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Tensor Products - D&F - Extension of the scalars

Peter

Well-known member
MHB Site Helper
Jun 22, 2012
2,918
I am attempting to understand Dummit and Foote exposition on 'extending the scalars' in Section 10.4 Tensor Products of scalars - see attachment - particularly page 360)

[I apologise in advance to MHB members if my analysis and questions are not clear - I am struggling with tensor products! - anyway, I hope readers can divine what I am on about :) ]

On page 360, D&F write the following:

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If the R-module N were already a an S-module then there is no difficulty in "extending" the scalars from R to S, so we begin the construction by returning to the basic module axioms in order to examine whether we can define "products" of the form sn, for \(\displaystyle s \in S \) and \(\displaystyle n \in N \). These axioms start with an abelian group N together with a map from S x N to N, where the image of the pair (s,n) is denoted sn. It is therefore natural to consider the free \(\displaystyle \mathbb{Z} \)-module (i.e. the free abelian group) on the set S x N i.e. the collection of all finite commuting sums of elements of the form \(\displaystyle (s_i, n_i) \) where \(\displaystyle s \in S \) and \(\displaystyle n \in N \). ... ... etc etc

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I would like someone to confirm (or correct) my statements and reasoning in the following ...

An abelian group on the set S x N would be an additive group, with an operation + defined componentwise, visually:

\(\displaystyle (s_1, n_1)+ (s_2, n_2) = (s_1 + s_2, n_1 + n_2) \) ... ... (1)

which seems OK since S is a ring and N is a module and so the two compnent + operations on the right of (1) above are OK. The operations + are associative, identity is (0,0), inverse of (s, n) is (-s, -n). Is that correct?

Now D&F write (see attachment or above)

"t is therefore natural to consider the free \(\displaystyle \mathbb{Z} \)-module (i.e. the free abelian group) on the set S x N ... ..."

Now I am uncertain about how to form the free \(\displaystyle \mathbb{Z} \)-module on the set S x N ... but anyway, I followed D&F's example on page 339 ... ... (see attachment)

Following D&F's example (where \(\displaystyle R = \mathbb{Z} \) ??? ... in our case \(\displaystyle R \ne \mathbb{Z} \) , but continuing anyway ...) ... ...

Make the abelian group into a \(\displaystyle \mathbb{Z} \)-module on the set S x N as follows:

For \(\displaystyle m \in \mathbb{Z} \) and (s,n) in S x N we define:

m(s,n) = (s,n) + ... ... + (s,n) (m times if \(\displaystyle m \gt 0 \))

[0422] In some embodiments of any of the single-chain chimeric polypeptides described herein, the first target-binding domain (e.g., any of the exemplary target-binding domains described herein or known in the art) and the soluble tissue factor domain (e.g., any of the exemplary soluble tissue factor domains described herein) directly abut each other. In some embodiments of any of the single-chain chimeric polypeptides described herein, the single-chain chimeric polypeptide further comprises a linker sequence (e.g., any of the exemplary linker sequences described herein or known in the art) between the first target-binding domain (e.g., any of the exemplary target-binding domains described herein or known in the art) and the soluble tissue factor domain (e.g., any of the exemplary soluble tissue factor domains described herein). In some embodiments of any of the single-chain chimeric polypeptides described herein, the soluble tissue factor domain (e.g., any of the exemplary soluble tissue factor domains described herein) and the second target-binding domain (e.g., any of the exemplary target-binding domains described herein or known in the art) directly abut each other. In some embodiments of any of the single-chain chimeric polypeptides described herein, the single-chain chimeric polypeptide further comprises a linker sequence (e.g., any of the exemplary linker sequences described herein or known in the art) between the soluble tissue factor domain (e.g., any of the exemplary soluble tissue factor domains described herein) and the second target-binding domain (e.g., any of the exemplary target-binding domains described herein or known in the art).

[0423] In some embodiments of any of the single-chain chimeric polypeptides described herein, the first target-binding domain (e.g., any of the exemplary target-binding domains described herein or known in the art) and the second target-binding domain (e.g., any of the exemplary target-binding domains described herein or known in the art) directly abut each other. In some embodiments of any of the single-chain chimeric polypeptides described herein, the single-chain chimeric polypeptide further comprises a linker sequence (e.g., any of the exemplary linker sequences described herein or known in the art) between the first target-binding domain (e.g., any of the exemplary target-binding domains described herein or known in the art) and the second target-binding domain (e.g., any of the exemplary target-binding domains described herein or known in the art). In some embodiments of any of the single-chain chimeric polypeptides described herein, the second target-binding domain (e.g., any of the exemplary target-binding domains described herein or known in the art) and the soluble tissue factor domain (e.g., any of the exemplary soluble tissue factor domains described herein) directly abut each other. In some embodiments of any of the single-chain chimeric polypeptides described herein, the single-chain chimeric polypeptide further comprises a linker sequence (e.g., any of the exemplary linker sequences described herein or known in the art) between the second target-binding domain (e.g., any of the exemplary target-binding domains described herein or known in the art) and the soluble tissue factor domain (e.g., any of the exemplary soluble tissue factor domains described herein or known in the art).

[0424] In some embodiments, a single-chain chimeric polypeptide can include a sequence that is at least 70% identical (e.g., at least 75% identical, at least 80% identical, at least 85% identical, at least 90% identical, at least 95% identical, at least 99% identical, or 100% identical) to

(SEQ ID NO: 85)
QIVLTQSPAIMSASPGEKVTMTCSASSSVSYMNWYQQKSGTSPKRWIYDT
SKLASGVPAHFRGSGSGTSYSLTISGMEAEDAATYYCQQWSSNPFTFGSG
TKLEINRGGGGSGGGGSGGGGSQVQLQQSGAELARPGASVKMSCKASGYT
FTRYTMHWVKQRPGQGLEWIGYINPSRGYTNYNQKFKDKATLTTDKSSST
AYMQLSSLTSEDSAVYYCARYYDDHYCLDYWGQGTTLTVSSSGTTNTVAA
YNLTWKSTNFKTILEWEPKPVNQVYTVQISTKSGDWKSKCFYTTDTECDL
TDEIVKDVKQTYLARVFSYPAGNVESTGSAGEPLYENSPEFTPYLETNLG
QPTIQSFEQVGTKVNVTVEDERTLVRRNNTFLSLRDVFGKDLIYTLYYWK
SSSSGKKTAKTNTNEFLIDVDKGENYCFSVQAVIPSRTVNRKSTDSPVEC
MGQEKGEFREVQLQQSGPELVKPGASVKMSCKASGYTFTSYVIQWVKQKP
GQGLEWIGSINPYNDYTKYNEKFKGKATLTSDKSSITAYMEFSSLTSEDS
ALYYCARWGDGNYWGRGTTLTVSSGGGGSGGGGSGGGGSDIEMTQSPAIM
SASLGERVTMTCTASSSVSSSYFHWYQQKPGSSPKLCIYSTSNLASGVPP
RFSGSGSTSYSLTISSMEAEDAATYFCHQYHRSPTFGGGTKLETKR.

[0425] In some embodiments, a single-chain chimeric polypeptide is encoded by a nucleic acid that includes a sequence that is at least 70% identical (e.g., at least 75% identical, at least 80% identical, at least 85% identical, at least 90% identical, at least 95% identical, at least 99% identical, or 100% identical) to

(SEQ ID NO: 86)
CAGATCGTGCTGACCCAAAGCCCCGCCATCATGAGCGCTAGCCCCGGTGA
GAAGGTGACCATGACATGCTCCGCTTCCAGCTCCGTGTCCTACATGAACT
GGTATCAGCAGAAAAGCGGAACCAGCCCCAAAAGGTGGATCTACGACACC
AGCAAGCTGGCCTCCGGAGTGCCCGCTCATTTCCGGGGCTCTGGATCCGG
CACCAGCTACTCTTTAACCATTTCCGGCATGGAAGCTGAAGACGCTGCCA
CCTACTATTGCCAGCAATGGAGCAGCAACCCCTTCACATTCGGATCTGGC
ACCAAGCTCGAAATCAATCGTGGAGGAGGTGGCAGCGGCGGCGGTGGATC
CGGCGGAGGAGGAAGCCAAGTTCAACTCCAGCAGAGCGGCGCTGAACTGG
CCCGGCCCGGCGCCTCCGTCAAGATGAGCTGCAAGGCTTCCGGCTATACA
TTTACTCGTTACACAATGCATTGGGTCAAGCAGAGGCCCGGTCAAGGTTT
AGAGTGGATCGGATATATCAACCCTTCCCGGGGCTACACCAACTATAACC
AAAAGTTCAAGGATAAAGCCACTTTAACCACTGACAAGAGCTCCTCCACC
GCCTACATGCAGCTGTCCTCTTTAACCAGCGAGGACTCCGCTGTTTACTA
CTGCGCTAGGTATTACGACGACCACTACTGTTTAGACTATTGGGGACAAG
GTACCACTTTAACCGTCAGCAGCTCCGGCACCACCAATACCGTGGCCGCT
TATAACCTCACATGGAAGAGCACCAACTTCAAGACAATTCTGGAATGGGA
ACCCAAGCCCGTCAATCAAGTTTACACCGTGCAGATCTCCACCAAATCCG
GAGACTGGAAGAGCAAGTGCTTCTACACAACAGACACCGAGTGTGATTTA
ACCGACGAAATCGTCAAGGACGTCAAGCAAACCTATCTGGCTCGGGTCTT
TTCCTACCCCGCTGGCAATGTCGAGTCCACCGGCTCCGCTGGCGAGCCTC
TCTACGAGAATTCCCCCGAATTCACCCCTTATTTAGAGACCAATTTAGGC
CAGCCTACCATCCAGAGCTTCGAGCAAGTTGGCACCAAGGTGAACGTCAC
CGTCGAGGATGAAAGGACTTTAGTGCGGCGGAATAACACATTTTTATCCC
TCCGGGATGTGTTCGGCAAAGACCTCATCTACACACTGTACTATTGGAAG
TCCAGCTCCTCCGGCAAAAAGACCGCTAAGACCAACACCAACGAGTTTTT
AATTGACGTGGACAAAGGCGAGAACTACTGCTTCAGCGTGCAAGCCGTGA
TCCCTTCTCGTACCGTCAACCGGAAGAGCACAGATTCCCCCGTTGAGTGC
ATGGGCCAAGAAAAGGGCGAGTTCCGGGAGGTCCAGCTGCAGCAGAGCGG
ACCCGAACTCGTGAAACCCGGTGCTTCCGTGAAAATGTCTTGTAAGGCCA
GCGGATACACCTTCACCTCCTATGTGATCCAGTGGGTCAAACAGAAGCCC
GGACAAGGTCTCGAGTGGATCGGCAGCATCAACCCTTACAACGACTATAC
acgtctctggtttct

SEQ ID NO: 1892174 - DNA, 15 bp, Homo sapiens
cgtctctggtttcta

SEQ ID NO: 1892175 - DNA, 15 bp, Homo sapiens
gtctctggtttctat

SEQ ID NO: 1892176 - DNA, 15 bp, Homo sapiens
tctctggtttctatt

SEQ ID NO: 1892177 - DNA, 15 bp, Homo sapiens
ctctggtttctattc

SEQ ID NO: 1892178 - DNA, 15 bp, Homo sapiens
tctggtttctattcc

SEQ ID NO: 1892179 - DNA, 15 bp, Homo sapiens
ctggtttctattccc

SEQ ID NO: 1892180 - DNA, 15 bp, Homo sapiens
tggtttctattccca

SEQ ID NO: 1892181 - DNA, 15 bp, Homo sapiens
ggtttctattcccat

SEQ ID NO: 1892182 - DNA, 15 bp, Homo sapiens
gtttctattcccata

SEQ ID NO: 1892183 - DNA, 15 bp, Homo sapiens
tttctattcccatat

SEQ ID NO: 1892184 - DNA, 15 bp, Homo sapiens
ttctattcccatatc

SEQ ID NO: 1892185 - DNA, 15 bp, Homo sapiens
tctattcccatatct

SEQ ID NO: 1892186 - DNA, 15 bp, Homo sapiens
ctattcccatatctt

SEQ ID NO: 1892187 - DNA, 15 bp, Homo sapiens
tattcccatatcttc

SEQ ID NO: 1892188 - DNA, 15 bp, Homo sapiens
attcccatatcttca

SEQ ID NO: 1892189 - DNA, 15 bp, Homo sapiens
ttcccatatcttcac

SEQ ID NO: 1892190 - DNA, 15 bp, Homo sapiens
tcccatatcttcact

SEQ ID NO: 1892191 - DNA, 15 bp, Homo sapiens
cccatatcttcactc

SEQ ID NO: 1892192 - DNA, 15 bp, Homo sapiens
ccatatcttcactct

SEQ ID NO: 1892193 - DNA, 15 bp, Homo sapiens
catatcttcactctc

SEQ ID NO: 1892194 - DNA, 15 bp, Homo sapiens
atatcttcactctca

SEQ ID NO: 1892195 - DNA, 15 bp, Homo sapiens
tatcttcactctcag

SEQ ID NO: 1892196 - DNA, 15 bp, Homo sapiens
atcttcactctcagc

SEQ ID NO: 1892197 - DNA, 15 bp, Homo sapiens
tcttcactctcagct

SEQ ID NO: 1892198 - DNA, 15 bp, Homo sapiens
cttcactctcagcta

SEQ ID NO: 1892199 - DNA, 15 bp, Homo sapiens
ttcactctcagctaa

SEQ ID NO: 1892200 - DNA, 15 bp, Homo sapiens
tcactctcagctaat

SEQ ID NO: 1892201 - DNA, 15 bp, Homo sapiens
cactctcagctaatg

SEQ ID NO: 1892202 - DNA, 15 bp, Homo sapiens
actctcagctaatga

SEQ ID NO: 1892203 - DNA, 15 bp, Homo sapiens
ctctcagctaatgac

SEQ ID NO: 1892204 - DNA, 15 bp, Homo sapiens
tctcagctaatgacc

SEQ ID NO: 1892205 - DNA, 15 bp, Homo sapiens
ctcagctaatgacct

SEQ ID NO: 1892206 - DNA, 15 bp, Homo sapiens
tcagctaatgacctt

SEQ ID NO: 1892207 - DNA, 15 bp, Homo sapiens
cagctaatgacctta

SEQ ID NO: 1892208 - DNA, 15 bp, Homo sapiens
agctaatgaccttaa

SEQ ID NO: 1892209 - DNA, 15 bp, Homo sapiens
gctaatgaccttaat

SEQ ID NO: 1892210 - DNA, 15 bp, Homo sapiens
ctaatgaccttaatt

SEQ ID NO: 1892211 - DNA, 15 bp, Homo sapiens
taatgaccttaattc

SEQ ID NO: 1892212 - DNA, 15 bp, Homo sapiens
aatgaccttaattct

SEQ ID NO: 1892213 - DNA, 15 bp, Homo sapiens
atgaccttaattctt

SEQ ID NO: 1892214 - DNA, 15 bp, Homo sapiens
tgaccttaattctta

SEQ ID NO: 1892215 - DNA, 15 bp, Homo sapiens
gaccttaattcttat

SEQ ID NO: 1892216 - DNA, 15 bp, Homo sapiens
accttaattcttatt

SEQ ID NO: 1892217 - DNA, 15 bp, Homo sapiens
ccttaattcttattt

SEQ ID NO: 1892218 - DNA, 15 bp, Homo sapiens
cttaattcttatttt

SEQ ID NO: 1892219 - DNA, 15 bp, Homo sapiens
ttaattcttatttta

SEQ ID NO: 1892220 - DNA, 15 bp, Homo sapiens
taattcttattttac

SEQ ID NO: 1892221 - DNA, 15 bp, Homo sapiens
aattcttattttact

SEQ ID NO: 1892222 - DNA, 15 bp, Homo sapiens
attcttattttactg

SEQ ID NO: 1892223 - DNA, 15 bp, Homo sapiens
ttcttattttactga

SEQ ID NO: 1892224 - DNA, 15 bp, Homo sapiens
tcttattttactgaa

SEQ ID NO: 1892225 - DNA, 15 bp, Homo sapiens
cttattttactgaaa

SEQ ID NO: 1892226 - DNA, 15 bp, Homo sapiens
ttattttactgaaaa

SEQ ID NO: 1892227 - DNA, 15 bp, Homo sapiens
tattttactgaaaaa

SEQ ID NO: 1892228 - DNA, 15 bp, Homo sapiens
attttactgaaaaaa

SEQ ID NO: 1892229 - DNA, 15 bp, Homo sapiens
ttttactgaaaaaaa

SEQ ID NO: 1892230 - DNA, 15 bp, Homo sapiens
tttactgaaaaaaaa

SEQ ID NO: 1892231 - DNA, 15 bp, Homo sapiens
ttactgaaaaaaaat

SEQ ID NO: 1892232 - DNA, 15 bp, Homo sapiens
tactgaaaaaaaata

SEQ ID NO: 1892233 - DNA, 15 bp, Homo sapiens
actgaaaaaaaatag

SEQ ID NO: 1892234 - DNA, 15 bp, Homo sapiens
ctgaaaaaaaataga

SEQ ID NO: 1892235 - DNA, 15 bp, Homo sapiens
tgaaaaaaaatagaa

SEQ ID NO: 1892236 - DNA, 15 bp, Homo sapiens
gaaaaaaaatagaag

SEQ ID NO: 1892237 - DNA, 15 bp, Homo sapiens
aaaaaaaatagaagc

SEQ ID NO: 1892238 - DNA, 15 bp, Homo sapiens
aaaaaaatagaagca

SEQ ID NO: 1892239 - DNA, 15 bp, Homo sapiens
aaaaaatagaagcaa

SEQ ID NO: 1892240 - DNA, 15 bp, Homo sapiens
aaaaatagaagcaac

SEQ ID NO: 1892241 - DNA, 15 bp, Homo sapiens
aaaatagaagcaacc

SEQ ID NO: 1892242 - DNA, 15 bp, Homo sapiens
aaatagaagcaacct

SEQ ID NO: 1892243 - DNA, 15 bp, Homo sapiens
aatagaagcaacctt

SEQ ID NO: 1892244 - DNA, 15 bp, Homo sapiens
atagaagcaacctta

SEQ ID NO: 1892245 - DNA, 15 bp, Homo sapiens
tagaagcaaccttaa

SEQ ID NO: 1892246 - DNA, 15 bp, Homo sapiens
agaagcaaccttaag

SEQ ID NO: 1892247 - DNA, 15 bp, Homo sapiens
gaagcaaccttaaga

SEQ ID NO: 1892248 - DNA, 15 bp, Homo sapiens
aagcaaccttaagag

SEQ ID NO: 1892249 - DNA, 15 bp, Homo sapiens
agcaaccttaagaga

and

m(s,n) =0 if m = 0

and

m(s,n) = - (s,n) - ... ... - (s,n) (m times if \(\displaystyle m \lt 0 \))

(and I take it that -(s,n) = (-s, -n) ...

But then, how do we (following what D&F say above) end up with elements of the free module being finite commuting sums of elements of the form \(\displaystyle (s_i, n_i) \) (i.e. elements of the form \(\displaystyle \sum_i (s_i, n_i) \) where the sum is finite?)

Do we actually "forbid" operations of addition of elements such as \(\displaystyle (s_1, n_1)+ (s_2, n_2) = (s_1 + s_2, n_1 + n_2) \)? Can someone please clarify this matter?

Further, how does the map from S x N to N with the images sn come into the above construction ...

I would appreciate some help.

Peter
 
Last edited:

ThePerfectHacker

Well-known member
Jan 26, 2012
236
No.

You start with the set $S\times N$. But you do not define $(s_1,n_1) + (s_2,n_2) = (s_1+s_2,n_1+n_2)$. If you are doing that, you are doing it incorrectly. So how do you define addition? You basically just defined formal sums. In other words, you just keep $(s_1,n_1) + (s_2,n_2)$ without adding anything together. There is no component addition. It is just formal addition.

You start with $S\times N$ and then form $F(S\times N)$ this is the free abelian group generated by the set $S\times N$. So it consists of all formal sums.

Any abelian group can be regarded as a $\mathbb{Z}$-module by defining $ng = g+g+...+g$ and with negatives if $n$ is a negative integer. Now since $F(S\times N)$ is an abelian group it can now be regarded as a $\mathbb{Z}$-module in the sense just explained above.
 

Peter

Well-known member
MHB Site Helper
Jun 22, 2012
2,918
No.

You start with the set $S\times N$. But you do not define $(s_1,n_1) + (s_2,n_2) = (s_1+s_2,n_1+n_2)$. If you are doing that, you are doing it incorrectly. So how do you define addition? You basically just defined formal sums. In other words, you just keep $(s_1,n_1) + (s_2,n_2)$ without adding anything together. There is no component addition. It is just formal addition.

You start with $S\times N$ and then form $F(S\times N)$ this is the free abelian group generated by the set $S\times N$. So it consists of all formal sums.

Any abelian group can be regarded as a $\mathbb{Z}$-module by defining $ng = g+g+...+g$ and with negatives if $n$ is a negative integer. Now since $F(S\times N)$ is an abelian group it can now be regarded as a $\mathbb{Z}$-module in the sense just explained above.
Thanks, your post is most helpful!

Peter